Apple awarded $75,000 to a hacker who discovered shortcomings that allowed him to hack the cameras of iPhones and Macs. The ethical hacker is a security researcher and former Amazon Web Services security engineer, Ryan Pickren. According to Forbes, Mr. Pickren discovered about seven zero day vulnerabilities in the browser of Apple, Safari. Apple has now fixed these flaws.
Out of these seven vulnerabilities, three could be subjected to hacking of the cameras of iOS and Mac iOS devices.
In order to gain access to the device’s camera, the exploit required victims to visit a malicious website. It could then access the device’s camera if it has prior trusted a video conferencing service like Zoom.
Pickren also published a blog describing the technical information about the vulnerabilities. “Put simply – the bug tricked Apple into thinking a malicious website was actually a trusted one. It did this by exploiting a series of flaws in how Safari was parsing URIs, managing web origins, and initializing secure contexts,” the security researcher explained in his blog.
Picken told Forbes, “A bug like this shows why users should never feel totally confident that their camera is secure, regardless of operating system or manufacturer.”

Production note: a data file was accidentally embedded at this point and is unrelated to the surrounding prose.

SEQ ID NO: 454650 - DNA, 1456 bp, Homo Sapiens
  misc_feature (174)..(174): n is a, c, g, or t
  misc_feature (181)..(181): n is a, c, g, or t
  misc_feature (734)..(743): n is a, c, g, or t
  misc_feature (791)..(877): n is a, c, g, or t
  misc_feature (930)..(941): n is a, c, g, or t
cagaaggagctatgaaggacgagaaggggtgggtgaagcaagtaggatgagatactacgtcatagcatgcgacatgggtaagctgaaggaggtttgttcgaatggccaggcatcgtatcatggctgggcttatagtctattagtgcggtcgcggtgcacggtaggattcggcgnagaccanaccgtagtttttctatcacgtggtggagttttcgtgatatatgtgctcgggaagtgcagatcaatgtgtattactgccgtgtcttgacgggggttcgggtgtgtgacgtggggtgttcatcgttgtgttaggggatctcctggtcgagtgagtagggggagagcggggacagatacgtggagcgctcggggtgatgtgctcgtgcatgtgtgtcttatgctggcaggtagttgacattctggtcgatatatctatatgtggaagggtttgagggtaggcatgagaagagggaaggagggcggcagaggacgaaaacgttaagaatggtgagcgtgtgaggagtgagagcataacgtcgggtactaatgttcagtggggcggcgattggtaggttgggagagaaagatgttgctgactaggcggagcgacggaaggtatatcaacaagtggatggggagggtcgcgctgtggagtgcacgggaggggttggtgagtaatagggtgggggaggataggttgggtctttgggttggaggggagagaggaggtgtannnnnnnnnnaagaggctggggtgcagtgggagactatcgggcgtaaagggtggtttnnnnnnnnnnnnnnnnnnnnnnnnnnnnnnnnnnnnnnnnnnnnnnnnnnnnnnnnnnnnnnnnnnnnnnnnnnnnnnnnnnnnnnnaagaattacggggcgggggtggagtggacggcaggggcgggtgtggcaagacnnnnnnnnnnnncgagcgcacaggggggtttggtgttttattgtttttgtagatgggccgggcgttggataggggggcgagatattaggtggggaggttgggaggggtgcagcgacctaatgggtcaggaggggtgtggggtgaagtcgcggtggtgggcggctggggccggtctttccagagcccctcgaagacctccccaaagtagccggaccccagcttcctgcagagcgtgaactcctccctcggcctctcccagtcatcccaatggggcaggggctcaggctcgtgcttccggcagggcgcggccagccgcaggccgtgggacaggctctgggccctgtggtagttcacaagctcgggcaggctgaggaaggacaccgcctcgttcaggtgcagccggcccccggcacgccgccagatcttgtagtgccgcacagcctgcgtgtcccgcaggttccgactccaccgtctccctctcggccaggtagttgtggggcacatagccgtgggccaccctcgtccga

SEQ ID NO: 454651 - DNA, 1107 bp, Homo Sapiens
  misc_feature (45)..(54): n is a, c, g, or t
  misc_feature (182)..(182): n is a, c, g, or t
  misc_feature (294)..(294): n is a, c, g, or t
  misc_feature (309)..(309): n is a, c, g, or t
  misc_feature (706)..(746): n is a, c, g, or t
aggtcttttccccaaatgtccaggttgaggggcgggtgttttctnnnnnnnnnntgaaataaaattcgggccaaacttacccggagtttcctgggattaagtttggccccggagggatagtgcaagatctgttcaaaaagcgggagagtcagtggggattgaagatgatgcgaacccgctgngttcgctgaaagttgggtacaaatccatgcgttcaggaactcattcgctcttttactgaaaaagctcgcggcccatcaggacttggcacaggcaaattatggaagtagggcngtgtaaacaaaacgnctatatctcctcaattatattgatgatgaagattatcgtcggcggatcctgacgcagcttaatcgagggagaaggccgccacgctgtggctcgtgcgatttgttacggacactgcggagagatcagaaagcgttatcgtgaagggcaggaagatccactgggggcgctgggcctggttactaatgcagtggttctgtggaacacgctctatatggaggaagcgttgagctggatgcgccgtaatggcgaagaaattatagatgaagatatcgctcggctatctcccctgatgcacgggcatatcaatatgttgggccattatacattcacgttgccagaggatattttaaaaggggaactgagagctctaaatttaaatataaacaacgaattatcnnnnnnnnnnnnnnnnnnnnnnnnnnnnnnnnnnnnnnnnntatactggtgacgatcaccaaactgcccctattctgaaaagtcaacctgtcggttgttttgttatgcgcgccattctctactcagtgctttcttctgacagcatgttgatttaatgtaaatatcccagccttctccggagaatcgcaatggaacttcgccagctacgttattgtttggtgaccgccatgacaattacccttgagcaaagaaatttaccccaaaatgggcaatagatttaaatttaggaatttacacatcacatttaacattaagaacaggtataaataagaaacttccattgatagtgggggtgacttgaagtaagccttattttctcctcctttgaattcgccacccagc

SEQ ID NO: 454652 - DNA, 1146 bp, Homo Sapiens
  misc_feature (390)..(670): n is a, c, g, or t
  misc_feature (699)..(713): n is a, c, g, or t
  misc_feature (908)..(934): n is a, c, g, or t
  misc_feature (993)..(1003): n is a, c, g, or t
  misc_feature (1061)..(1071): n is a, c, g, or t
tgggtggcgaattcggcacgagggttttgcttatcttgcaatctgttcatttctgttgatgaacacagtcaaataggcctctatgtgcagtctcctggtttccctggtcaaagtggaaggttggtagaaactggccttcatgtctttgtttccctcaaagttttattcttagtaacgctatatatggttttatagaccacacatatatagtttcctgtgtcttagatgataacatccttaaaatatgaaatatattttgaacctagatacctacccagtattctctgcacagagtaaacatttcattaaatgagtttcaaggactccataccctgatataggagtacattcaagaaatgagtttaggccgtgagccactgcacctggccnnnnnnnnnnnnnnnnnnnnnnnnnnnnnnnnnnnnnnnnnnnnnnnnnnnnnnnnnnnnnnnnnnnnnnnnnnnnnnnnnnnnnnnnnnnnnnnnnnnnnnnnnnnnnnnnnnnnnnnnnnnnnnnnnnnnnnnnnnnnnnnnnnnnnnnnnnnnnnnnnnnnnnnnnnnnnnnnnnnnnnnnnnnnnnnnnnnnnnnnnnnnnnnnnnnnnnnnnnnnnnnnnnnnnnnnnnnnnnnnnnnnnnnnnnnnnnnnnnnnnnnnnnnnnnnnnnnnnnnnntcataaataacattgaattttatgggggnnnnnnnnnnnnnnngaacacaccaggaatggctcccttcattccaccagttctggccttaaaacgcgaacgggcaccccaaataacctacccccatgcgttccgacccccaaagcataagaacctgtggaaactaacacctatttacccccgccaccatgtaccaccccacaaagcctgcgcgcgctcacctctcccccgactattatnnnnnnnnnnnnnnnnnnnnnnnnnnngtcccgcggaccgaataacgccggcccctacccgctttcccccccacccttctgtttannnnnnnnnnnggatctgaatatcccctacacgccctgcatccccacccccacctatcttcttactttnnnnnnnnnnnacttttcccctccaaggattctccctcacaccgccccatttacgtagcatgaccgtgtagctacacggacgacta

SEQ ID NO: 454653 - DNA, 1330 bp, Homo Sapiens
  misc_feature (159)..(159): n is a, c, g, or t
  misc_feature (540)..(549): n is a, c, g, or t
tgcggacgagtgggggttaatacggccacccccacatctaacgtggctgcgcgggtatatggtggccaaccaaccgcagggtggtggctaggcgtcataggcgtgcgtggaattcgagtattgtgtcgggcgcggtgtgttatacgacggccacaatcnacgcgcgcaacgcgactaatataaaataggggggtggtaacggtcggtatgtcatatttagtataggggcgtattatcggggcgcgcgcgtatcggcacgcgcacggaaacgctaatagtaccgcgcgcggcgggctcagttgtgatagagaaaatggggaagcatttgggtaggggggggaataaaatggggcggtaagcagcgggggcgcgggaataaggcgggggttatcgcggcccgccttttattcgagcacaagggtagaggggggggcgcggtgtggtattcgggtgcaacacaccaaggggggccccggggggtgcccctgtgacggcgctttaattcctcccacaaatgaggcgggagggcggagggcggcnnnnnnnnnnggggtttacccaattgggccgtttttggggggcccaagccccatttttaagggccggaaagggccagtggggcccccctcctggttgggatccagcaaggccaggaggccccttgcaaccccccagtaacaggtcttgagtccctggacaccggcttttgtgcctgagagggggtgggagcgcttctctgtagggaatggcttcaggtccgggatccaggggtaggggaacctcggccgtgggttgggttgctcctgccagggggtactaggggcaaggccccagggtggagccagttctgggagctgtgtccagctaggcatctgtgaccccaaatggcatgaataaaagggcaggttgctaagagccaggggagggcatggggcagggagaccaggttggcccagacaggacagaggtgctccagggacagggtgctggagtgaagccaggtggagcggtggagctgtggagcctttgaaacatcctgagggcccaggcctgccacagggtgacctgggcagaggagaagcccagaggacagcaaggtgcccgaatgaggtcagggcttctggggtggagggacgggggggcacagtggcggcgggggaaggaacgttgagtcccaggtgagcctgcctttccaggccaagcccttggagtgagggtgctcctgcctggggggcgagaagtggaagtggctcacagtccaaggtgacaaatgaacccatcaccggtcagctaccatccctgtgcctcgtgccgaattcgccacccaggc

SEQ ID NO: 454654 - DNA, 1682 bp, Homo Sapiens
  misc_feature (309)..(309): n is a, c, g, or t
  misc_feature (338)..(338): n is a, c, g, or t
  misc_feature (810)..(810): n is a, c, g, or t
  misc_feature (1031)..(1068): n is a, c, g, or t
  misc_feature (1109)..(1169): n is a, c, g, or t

In mid-December 2019, Ryan disclosed the vulnerabilities in Safari to Apple. A few weeks after the validation of the seven vulnerabilities, Apple went on to release a fix in January 2020 for the major exploit of the cameras of iPhone and Mac devices. The fix was 13.0.5 update of Safari that covered all prior flaws. The less harmful flaws were fixed later in March 2020 with 13.1 update of Safari.
The security researcher, Ryan Pickren was then awarded with $75,000. Pickren claimed it to be his first earning from Apple. He said that he enjoyed working with Apple and the bounty program will cover all vulnerabilities and protect customers. Pickren said, “I really enjoyed working with the Apple product security team when reporting these issues. The new bounty program is absolutely going to help secure products and protect customers. I’m really excited that Apple embraced the help of the security research community.”